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Databank. Sure Start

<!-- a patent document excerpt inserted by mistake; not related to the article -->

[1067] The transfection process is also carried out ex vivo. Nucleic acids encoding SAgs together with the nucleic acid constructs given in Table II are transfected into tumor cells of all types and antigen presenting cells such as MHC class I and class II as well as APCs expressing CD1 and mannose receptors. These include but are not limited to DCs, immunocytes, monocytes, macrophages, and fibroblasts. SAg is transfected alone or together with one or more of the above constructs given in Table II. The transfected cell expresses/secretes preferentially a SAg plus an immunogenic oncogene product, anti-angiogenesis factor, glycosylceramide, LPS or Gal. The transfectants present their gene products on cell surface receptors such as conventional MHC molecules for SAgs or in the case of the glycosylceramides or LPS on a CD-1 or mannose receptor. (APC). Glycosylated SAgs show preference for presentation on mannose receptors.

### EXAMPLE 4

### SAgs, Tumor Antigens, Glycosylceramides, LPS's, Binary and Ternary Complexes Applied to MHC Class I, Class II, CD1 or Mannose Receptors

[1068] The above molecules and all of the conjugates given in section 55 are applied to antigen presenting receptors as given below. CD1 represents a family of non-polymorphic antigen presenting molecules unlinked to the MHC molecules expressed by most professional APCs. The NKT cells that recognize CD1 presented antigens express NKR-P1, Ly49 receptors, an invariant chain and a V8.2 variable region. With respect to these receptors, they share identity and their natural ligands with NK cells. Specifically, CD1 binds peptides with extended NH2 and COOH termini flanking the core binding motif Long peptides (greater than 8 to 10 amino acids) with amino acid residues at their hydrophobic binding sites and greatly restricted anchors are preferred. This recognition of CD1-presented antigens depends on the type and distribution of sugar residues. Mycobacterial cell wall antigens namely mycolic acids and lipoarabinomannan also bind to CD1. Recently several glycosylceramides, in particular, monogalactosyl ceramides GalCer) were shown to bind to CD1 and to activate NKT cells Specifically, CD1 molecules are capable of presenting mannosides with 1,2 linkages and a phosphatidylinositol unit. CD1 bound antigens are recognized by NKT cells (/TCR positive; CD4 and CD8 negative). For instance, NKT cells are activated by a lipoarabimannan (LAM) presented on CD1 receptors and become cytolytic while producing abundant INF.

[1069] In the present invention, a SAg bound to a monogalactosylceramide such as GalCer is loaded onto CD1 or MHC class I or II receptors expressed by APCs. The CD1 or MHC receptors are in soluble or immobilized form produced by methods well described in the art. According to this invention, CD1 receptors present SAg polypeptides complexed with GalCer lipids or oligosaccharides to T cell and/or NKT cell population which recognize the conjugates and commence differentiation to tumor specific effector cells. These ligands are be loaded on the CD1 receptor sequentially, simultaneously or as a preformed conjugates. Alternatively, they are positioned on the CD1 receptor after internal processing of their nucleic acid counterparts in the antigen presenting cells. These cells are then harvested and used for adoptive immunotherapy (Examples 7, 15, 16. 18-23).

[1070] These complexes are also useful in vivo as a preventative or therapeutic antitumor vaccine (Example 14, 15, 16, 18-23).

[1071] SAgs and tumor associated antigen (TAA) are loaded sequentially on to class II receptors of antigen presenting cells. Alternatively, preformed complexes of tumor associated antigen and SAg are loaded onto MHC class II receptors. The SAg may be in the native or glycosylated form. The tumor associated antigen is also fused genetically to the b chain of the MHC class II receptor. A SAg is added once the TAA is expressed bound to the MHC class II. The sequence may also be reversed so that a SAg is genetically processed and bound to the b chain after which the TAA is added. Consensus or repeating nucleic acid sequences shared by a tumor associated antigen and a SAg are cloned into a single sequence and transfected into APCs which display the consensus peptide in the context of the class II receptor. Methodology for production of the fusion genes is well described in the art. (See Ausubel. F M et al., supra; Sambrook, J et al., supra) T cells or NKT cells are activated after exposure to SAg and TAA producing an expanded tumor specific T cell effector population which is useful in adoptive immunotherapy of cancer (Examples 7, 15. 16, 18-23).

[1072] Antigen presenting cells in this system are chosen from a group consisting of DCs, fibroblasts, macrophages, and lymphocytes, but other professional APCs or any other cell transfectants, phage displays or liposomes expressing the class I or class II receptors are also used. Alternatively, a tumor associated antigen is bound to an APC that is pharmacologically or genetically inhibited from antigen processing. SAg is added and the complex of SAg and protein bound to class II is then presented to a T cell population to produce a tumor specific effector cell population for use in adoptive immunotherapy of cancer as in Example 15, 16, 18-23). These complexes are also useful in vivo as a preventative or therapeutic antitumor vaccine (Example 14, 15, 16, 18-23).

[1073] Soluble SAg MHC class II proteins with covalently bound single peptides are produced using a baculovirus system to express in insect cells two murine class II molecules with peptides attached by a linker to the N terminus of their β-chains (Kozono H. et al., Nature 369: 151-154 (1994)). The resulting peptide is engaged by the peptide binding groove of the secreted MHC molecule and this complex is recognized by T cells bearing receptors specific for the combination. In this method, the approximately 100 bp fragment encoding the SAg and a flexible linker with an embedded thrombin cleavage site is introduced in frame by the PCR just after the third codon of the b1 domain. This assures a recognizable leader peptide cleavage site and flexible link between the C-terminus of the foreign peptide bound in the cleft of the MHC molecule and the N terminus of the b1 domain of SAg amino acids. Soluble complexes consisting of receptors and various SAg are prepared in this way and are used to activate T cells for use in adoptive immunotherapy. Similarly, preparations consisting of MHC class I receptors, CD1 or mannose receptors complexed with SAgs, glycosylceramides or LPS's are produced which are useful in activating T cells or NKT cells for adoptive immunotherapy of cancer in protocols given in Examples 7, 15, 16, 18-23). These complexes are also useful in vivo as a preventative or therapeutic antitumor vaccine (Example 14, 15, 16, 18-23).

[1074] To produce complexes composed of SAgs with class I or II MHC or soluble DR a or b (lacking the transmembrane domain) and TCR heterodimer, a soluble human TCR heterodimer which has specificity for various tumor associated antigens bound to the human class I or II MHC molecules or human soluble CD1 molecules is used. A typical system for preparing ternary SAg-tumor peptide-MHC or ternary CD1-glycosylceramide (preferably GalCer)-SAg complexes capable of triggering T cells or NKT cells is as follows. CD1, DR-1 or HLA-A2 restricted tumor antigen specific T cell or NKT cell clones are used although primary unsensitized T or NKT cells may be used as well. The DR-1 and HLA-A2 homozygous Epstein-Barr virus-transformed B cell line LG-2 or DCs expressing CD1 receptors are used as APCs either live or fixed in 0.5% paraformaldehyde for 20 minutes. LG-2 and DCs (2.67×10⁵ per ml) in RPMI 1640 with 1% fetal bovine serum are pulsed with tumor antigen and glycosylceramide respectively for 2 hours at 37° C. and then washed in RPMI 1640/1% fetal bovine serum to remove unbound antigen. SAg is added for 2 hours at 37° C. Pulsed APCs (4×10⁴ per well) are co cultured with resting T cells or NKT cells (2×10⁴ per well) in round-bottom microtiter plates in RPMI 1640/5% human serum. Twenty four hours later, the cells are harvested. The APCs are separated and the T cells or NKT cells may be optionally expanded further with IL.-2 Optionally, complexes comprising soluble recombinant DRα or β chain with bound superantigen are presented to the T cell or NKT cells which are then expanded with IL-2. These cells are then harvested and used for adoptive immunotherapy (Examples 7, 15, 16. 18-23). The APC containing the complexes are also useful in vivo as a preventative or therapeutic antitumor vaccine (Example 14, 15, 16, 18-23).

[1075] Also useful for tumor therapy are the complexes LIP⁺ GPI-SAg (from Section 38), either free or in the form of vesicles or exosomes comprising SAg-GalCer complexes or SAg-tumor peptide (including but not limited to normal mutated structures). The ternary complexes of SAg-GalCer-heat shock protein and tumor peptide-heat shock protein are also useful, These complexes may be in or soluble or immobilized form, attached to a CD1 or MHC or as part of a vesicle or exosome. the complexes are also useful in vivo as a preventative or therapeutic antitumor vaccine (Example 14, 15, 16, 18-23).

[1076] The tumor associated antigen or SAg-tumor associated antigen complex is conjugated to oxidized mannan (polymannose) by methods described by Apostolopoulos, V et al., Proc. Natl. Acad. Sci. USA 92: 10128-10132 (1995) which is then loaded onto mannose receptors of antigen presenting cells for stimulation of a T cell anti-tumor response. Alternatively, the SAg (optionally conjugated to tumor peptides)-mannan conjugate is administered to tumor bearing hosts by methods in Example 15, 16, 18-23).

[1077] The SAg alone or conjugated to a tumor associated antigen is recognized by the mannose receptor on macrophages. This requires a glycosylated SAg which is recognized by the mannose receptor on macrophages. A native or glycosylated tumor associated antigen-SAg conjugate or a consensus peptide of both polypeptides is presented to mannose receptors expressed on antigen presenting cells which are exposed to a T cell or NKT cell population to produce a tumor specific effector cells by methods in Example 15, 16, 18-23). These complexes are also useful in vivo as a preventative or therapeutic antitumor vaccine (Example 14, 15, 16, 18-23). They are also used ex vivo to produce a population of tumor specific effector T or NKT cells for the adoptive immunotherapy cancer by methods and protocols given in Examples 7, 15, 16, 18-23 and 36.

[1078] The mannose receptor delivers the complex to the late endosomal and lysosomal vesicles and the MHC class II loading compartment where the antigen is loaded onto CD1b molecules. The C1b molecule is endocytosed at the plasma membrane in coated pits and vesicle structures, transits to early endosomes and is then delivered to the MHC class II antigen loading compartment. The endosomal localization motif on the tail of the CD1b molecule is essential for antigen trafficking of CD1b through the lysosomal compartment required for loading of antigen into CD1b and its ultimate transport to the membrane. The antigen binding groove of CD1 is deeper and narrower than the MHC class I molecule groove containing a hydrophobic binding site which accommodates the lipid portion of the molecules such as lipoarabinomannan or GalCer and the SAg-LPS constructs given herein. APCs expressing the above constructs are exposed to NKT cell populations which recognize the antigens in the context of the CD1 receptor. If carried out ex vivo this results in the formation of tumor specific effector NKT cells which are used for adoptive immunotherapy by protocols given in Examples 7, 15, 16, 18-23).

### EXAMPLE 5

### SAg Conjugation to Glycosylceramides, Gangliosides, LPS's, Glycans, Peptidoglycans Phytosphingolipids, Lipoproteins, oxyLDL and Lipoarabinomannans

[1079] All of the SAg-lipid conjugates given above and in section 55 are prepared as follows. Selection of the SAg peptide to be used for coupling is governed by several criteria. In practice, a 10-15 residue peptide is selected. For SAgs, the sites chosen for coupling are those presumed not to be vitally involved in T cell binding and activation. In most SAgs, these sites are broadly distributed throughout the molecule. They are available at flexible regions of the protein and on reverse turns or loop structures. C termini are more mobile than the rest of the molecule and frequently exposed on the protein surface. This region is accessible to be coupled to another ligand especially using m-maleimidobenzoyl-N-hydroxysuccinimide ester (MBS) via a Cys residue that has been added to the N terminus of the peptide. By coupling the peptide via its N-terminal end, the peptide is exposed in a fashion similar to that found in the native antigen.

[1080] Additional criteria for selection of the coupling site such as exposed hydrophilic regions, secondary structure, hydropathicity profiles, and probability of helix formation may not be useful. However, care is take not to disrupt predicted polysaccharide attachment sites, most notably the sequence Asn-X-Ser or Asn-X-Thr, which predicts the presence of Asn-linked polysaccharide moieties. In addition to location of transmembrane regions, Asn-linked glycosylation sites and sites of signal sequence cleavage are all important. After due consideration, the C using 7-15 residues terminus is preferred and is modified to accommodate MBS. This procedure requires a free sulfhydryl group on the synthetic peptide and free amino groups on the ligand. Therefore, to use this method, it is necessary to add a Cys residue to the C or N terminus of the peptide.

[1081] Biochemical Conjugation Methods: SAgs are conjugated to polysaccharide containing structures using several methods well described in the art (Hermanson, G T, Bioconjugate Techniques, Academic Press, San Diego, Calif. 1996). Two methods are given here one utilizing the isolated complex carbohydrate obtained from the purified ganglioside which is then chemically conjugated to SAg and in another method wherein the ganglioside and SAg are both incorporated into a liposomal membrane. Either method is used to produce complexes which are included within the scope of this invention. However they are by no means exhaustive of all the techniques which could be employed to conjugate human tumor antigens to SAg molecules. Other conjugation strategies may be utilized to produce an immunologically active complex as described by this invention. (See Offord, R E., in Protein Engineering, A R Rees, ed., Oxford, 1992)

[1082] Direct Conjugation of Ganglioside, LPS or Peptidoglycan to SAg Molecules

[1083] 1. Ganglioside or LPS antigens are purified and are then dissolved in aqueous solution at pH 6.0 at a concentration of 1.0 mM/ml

This scheme, introduced at the end of 1999 by Education and Employment Secretary David Blunkett and Yvetter Cooper, Minister for Public Health, gives parents and young children in disadvantaged areas around the country a better chance of a good start in life. A total of 15 Sure Start programmes were initially announced but there are plans to double their number and invitations to develop programmes have been sent to 69 more areas. Sure Start aims to make a huge difference to the lives of children and families by tackling child poverty and social exclusion. Support will be given to parents through help in nurturing and developing the health, wellbeing and learning capabilities of young children from the moment they are born. This will be done by providing parents with the advice and support they need to bring up a family in the best possible way. Community-run parent and children centres, parent support and training, measures to support children with disabilities and special needs, play centres, loan service of toys and books, outreach work for families from ethnic minorities and a programme to enhance parenting and life skills are some of the projects being undertaken. The Government is making available £542 million between 1999 and 2000 and 2001 and 2002 to establish at least 250 Sure Start programmes across the UK.